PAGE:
Nation’s African American farmers meet for 25th anniversary of founding of the National Black Farmers Association
In a historic milestone, the National Black Farmers Association (NBFA) will mark a quarter of a century standing up for tens of thousands of African American farmers and their families, helping them fight for the same rights and opportunities millions of other farmers have been afforded.
The NBFA will hold its 25th annual conference in Birmingham, Alabama on November 6-7, 2015 at the Holiday Inn Birmingham Airport Hotel. Participants will hear from a number of noted speakers, including Hillary Clinton campaign representative who was a former top advisor to President Bill Clinton and the head of his successful 1992 campaign for President, James Carville. President Obama said in a letter to NBFA members “the NBFA has played a central role in ensuring all Americans have the chance to lend their hard work and ingenuity to our Nation’s harvests and to share in its bounty.” The Obama Administration is sending Stephanie Young, Director of African American Outreach, Office of Public Engagement, to address the conference on behalf of the White House.
“Over the last 25 years, the nation’s black farmers have seen both successes and setbacks in our ongoing struggle to have the same opportunities others have always had access to,” said Dr. John Boyd, Founder and President of the NBFA. “For far too long, our community has been denied access to vital programs administered by the United States Department of Agriculture (USDA) to assist farmers. However, some of those doors that had once been slammed shut due to discrimination have been opened as a result of the pressure NBFA has brought to bear on our leaders in Washington. All we’ve asked is to be able to produce safe, affordable and abundant food for Americans with an equitable safety net for all family farmers regardless of race and color,” Boyd added.
While they could not attend the event in-person, President Obama, Secretary Hillary Clinton, Congresswoman Terri Sewell (D-AL) and Congressman John Lewis (D-GA) have sent letters of greetings and support to those coming to the conference.
“While I regret that I cannot be with you in person, I join you from afar in celebrating a quarter century of NFBA’s vital work – and I commend you all for your commitment to “growing opportunities” for yourselves and others,” Secretary Clinton wrote.
“My devotion to the cause of allowing all people to live well will never end and I hope yours will not either,” wrote Congressman Lewis in his letter to the NBFA. “I wish your organization the best as it continues the fight for equal opportunity. Keep the faith!”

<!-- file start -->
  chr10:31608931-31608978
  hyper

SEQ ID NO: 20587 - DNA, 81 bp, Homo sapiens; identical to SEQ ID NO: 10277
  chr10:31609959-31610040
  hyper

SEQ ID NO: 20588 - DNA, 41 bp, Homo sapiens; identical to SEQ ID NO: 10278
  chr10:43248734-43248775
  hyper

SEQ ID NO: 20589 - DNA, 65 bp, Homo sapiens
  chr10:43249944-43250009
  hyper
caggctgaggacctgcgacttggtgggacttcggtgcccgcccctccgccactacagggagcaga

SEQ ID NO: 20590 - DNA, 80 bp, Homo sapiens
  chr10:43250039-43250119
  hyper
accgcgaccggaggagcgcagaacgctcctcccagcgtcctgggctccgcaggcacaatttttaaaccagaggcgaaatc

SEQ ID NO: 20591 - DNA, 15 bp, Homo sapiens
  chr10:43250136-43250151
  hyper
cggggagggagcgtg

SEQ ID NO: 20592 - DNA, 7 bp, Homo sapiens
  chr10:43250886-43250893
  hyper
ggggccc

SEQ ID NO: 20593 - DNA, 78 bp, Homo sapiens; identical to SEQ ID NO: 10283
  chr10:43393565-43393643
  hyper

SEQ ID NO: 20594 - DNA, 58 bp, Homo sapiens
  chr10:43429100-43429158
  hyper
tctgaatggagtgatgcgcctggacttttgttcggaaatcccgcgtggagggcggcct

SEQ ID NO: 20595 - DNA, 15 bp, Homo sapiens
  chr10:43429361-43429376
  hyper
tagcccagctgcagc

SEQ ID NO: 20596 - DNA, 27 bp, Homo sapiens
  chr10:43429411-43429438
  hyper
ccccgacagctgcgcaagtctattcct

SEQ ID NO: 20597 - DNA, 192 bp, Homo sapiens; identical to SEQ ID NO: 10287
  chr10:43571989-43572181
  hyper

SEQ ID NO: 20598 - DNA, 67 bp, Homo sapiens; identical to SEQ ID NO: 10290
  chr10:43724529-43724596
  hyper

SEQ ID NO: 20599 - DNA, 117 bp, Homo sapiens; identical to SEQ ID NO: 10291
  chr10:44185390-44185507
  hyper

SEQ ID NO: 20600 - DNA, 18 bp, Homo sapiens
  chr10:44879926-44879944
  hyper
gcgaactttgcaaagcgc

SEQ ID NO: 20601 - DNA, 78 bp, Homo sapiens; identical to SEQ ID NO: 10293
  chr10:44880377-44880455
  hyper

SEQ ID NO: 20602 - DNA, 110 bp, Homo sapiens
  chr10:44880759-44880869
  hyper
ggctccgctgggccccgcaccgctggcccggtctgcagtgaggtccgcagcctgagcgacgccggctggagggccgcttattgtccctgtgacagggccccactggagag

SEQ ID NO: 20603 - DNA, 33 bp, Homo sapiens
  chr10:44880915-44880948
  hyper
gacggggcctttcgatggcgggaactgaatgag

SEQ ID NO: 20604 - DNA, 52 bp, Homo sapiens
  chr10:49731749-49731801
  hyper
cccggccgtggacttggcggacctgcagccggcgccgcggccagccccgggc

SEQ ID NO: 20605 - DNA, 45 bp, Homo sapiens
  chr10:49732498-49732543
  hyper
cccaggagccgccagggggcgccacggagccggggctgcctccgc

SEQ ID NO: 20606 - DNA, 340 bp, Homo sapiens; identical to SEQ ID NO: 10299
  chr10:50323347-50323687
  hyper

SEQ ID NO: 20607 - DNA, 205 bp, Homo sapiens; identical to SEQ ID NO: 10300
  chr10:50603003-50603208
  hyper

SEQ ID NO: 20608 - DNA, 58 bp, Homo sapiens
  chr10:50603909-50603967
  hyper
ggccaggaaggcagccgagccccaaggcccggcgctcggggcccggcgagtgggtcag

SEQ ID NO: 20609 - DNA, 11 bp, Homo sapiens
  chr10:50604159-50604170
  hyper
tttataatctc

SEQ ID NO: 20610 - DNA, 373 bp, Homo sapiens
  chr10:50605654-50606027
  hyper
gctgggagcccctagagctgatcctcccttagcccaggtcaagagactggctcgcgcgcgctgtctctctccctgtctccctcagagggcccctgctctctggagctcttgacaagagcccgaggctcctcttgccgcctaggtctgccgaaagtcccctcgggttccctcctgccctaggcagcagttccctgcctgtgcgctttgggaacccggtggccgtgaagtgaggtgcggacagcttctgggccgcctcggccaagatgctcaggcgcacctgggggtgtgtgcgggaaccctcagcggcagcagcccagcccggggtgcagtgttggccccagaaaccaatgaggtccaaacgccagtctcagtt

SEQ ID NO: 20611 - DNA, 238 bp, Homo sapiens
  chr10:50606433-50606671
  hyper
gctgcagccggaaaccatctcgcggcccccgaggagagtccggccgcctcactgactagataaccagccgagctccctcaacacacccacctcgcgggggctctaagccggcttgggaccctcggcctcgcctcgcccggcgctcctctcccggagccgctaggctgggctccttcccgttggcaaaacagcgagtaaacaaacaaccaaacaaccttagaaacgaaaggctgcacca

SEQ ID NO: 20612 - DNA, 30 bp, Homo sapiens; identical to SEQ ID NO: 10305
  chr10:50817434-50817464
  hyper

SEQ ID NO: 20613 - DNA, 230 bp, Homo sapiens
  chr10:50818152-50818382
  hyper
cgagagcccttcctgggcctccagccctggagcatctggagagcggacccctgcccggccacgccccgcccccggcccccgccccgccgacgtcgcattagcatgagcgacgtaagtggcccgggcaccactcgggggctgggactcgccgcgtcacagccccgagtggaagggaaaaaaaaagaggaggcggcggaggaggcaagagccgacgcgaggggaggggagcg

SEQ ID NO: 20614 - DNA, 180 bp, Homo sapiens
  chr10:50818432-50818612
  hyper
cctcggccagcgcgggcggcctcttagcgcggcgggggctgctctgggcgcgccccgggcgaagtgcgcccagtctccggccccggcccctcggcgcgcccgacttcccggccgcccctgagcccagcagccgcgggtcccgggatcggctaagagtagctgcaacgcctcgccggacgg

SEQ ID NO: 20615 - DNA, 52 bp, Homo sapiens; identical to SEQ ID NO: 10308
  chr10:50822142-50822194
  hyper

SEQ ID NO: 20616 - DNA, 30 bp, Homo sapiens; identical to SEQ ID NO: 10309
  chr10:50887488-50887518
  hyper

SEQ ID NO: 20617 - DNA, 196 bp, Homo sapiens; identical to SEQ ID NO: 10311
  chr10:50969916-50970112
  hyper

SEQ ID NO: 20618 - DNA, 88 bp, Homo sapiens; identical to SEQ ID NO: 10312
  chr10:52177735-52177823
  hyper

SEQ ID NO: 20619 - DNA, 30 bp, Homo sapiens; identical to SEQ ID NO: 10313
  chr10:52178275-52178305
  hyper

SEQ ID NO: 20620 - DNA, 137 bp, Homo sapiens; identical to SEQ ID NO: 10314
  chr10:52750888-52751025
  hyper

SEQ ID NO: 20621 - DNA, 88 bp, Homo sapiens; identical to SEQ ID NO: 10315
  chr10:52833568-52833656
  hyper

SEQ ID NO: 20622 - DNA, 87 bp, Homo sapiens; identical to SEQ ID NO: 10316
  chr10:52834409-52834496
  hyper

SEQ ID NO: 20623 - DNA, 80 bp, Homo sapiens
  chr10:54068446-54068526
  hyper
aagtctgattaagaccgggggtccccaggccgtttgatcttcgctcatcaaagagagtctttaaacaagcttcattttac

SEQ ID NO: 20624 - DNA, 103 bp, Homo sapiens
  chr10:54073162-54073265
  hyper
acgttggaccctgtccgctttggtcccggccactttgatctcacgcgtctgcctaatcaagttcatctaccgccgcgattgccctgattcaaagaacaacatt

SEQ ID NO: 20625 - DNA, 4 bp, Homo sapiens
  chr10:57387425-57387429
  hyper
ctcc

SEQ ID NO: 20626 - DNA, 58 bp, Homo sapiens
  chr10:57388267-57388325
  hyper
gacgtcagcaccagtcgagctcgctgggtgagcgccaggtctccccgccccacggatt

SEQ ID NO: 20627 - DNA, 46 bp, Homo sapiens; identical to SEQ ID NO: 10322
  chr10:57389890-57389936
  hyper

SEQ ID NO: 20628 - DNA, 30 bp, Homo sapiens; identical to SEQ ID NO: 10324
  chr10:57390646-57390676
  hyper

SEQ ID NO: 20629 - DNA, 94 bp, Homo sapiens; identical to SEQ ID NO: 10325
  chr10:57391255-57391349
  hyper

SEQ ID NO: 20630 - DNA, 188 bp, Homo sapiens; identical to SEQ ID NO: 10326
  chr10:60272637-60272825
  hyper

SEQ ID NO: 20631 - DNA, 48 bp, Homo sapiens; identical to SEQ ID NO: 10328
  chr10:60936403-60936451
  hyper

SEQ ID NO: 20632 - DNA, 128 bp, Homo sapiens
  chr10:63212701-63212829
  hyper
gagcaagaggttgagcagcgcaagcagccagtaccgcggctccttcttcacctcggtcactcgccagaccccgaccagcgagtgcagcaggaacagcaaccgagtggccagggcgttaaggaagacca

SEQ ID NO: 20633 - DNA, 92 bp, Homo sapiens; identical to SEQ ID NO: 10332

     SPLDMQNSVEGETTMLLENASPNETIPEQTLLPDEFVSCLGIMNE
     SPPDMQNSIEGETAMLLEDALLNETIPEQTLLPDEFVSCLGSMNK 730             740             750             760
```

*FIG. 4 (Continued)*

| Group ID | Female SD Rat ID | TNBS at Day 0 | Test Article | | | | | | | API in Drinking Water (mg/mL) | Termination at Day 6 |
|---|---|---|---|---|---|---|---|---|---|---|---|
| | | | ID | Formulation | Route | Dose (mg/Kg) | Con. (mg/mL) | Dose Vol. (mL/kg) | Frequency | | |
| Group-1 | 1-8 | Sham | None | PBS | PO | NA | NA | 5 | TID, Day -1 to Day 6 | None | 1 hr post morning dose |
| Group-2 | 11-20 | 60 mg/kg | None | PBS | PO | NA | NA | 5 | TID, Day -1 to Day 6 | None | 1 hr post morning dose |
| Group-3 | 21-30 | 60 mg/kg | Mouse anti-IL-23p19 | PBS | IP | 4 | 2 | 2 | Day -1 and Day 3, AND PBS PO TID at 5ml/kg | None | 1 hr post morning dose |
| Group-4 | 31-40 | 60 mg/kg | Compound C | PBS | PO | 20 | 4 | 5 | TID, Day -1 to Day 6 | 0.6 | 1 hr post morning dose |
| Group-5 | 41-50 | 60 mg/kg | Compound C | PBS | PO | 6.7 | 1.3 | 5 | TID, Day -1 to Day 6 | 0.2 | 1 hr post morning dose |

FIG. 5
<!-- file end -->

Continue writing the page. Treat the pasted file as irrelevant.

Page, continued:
Congresswoman Sewell shared in her letter of support "Your organization helps many farmers nationwide, especially in my home state of Alabama. Your focused advocacy efforts on rural economic development, access to loans, education, land retention, and especially civil rights, have changed the lives of so many farmers."
The NBFA is a non-profit, community organization founded in the early 1990's, by John Boyd, Jr., of Baskerville, Virginia, a fourth generation farmer who was determined to hold on to his heritage, and save his farm from foreclosure caused by racial discrimination under the USDA.
Boyd founded the NBA after encountering the USDA's discriminatory practices first-hand and meeting many more black farmers who shared this experience. In 2007 research, released jointly by NBFA and Environmental Working Group (EWG), showed black farmers received between one-third to one-sixth of the benefits under major federal crop subsidy programs that other farmers receive. The organization encourages the participation of small and disadvantaged farmers in gaining access to resources of state and federal programs administered by the United States Department of Agriculture.
Shortly after creating the NBFA, Boyd led its members in a march on the White House, where he eventually met with President Clinton and testified before Congress about the plight of black farmers.
In 2007 then Senator Obama sponsored the black farmers bill the measure past in the farm bill allowing 80,000 black farmers to have their cases heard on merits. After years of pressing congress for action a bill was past for 1.25B the largest settlement in history for African Americans. President Obama sign the historic bill “The Claims Remedy Act” on December 8, 2010.